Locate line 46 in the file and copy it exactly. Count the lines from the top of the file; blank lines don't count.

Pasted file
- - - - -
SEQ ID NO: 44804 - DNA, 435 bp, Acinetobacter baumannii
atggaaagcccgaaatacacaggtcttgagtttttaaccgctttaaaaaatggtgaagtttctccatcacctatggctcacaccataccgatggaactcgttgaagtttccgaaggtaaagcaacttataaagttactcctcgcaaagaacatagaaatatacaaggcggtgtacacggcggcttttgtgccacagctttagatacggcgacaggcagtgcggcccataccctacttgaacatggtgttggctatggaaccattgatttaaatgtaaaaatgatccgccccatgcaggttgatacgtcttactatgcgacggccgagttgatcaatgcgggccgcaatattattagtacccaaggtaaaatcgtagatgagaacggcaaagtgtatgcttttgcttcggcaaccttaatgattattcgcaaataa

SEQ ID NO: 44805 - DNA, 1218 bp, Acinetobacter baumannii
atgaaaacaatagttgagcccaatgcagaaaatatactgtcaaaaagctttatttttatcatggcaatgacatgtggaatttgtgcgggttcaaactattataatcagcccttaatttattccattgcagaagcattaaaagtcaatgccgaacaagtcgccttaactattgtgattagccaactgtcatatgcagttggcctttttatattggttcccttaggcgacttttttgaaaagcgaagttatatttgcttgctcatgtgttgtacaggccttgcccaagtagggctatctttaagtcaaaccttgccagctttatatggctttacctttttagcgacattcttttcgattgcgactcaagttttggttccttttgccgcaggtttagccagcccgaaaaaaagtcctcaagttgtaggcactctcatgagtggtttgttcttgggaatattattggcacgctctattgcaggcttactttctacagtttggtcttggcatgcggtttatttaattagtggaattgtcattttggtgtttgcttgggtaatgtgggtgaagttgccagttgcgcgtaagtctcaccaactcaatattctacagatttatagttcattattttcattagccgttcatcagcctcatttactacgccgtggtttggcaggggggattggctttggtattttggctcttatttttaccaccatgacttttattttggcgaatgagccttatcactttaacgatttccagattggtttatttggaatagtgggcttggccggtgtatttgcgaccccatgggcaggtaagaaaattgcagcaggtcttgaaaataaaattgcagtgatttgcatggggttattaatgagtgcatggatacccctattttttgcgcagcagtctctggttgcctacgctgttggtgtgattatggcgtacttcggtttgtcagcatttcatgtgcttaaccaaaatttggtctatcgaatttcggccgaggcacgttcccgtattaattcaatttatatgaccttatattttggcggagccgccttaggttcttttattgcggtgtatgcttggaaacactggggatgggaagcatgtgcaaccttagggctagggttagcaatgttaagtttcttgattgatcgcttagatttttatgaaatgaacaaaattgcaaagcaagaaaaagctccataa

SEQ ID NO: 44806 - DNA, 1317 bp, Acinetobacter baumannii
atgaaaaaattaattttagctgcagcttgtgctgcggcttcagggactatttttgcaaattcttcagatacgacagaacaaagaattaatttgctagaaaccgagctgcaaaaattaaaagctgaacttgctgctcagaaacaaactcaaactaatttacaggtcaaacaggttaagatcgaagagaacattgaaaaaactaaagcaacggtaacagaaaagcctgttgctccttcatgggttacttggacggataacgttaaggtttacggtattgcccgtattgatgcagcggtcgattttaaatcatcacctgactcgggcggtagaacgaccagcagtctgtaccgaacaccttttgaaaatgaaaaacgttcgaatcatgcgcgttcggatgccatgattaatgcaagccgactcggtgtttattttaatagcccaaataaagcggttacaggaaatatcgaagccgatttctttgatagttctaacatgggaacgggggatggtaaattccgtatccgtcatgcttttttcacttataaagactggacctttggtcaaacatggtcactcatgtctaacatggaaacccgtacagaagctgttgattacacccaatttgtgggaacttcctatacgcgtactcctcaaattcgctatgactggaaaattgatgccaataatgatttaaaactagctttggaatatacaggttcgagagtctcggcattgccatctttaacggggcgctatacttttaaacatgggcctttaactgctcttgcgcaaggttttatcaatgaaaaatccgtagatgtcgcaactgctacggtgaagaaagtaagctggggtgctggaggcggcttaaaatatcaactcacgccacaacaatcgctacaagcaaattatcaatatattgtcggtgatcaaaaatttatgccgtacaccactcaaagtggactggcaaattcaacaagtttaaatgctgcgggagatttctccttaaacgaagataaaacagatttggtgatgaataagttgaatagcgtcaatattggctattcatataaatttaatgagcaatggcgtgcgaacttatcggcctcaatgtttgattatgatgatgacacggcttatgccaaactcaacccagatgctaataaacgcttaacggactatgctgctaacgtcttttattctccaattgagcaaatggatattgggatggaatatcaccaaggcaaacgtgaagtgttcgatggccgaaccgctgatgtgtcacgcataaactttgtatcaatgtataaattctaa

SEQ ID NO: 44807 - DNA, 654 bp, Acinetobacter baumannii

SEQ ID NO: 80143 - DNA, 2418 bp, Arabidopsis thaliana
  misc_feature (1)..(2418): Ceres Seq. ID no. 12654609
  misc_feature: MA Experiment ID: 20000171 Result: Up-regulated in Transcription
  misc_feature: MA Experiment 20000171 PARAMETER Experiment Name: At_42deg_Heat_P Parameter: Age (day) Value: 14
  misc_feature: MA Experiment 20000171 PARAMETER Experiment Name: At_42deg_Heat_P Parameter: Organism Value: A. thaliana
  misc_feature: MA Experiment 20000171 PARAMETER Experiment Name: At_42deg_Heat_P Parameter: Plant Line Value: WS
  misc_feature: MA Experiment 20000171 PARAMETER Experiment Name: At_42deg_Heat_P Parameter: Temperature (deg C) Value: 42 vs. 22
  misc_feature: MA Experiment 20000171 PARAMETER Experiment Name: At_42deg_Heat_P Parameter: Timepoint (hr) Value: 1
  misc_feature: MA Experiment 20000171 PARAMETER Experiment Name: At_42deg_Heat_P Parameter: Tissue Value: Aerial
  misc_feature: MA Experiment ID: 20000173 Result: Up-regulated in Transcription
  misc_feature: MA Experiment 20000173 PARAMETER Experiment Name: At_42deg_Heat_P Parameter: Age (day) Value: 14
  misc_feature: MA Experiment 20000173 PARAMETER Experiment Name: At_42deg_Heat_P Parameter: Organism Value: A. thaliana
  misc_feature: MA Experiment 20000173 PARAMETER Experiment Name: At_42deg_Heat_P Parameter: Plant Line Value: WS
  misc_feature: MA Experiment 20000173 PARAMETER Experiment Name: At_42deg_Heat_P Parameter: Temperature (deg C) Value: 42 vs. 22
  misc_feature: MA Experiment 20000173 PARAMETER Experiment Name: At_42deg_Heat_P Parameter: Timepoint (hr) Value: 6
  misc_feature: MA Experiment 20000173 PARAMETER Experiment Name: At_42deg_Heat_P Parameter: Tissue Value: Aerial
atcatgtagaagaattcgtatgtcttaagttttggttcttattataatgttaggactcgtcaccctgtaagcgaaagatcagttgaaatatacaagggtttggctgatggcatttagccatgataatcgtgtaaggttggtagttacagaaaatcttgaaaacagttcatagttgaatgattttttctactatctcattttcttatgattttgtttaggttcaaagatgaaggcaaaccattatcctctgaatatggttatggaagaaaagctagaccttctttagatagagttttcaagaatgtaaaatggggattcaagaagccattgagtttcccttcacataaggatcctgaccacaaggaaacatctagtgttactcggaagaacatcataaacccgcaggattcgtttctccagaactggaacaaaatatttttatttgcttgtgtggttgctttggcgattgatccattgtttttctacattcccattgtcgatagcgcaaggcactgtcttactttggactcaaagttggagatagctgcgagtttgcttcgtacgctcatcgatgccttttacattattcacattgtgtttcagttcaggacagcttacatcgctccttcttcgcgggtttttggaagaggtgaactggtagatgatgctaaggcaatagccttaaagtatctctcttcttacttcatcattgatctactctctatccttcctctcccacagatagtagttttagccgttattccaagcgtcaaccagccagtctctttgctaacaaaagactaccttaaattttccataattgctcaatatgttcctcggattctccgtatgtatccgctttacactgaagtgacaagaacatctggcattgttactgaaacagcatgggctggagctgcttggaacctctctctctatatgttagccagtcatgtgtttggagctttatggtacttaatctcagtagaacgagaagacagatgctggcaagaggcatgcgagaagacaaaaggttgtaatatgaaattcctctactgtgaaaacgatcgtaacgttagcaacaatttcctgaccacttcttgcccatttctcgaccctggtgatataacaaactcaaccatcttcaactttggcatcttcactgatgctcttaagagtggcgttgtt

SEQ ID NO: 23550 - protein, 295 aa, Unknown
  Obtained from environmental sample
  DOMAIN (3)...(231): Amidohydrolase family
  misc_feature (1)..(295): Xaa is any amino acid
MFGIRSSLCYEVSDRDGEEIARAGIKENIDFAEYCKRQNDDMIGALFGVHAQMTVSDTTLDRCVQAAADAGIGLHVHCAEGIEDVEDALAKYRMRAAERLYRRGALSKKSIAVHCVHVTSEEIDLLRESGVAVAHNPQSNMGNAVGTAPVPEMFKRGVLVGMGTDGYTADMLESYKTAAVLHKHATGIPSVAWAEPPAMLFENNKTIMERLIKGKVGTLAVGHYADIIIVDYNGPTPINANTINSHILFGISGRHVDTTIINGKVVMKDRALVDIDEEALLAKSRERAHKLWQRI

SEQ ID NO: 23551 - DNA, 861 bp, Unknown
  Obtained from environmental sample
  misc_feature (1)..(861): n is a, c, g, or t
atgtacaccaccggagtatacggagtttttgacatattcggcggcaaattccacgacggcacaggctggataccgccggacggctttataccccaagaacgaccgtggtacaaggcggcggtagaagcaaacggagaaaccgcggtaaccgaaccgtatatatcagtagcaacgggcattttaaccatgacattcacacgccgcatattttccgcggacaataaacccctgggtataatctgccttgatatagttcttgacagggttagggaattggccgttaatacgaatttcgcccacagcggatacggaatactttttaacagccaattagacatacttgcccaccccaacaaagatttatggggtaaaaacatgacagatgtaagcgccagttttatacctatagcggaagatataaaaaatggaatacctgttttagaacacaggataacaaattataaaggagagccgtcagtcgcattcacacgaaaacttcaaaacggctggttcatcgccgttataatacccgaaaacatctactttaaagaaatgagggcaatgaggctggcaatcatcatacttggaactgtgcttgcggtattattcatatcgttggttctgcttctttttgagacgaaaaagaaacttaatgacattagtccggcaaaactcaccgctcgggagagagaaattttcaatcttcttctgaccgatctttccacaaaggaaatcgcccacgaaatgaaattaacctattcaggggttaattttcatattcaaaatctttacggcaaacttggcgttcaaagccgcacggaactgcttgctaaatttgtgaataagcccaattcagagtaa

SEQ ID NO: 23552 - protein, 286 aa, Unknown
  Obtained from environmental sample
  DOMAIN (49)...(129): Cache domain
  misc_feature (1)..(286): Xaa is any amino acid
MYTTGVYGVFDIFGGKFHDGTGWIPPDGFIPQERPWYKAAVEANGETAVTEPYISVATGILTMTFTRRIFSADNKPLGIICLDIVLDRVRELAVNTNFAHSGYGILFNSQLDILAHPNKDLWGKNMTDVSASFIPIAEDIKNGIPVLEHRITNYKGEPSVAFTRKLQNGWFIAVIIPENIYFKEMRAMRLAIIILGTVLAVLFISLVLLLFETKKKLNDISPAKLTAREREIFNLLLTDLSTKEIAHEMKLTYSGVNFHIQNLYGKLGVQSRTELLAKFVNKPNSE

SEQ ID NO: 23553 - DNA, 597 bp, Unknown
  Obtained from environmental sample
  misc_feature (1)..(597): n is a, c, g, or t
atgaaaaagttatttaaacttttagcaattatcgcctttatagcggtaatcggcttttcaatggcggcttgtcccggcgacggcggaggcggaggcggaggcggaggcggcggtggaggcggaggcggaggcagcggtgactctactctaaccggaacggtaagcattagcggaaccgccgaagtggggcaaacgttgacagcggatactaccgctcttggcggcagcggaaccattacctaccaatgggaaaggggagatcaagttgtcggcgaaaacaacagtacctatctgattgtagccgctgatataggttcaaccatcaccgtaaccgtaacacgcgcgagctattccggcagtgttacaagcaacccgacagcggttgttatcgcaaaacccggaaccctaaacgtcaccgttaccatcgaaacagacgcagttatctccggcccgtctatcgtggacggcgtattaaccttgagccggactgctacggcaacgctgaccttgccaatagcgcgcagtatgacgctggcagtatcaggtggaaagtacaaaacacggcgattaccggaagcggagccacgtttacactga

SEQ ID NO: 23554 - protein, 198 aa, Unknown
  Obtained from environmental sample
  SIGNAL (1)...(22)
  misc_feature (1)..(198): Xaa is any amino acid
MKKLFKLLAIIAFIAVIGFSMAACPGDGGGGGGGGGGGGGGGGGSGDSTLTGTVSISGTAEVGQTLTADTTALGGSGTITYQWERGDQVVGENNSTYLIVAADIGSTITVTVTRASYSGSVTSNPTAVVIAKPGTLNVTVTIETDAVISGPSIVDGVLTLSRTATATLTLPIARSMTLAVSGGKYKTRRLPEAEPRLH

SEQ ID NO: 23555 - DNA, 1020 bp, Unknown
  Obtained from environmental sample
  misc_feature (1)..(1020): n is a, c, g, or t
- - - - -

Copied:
  misc_feature (1)..(198): Xaa is any amino acid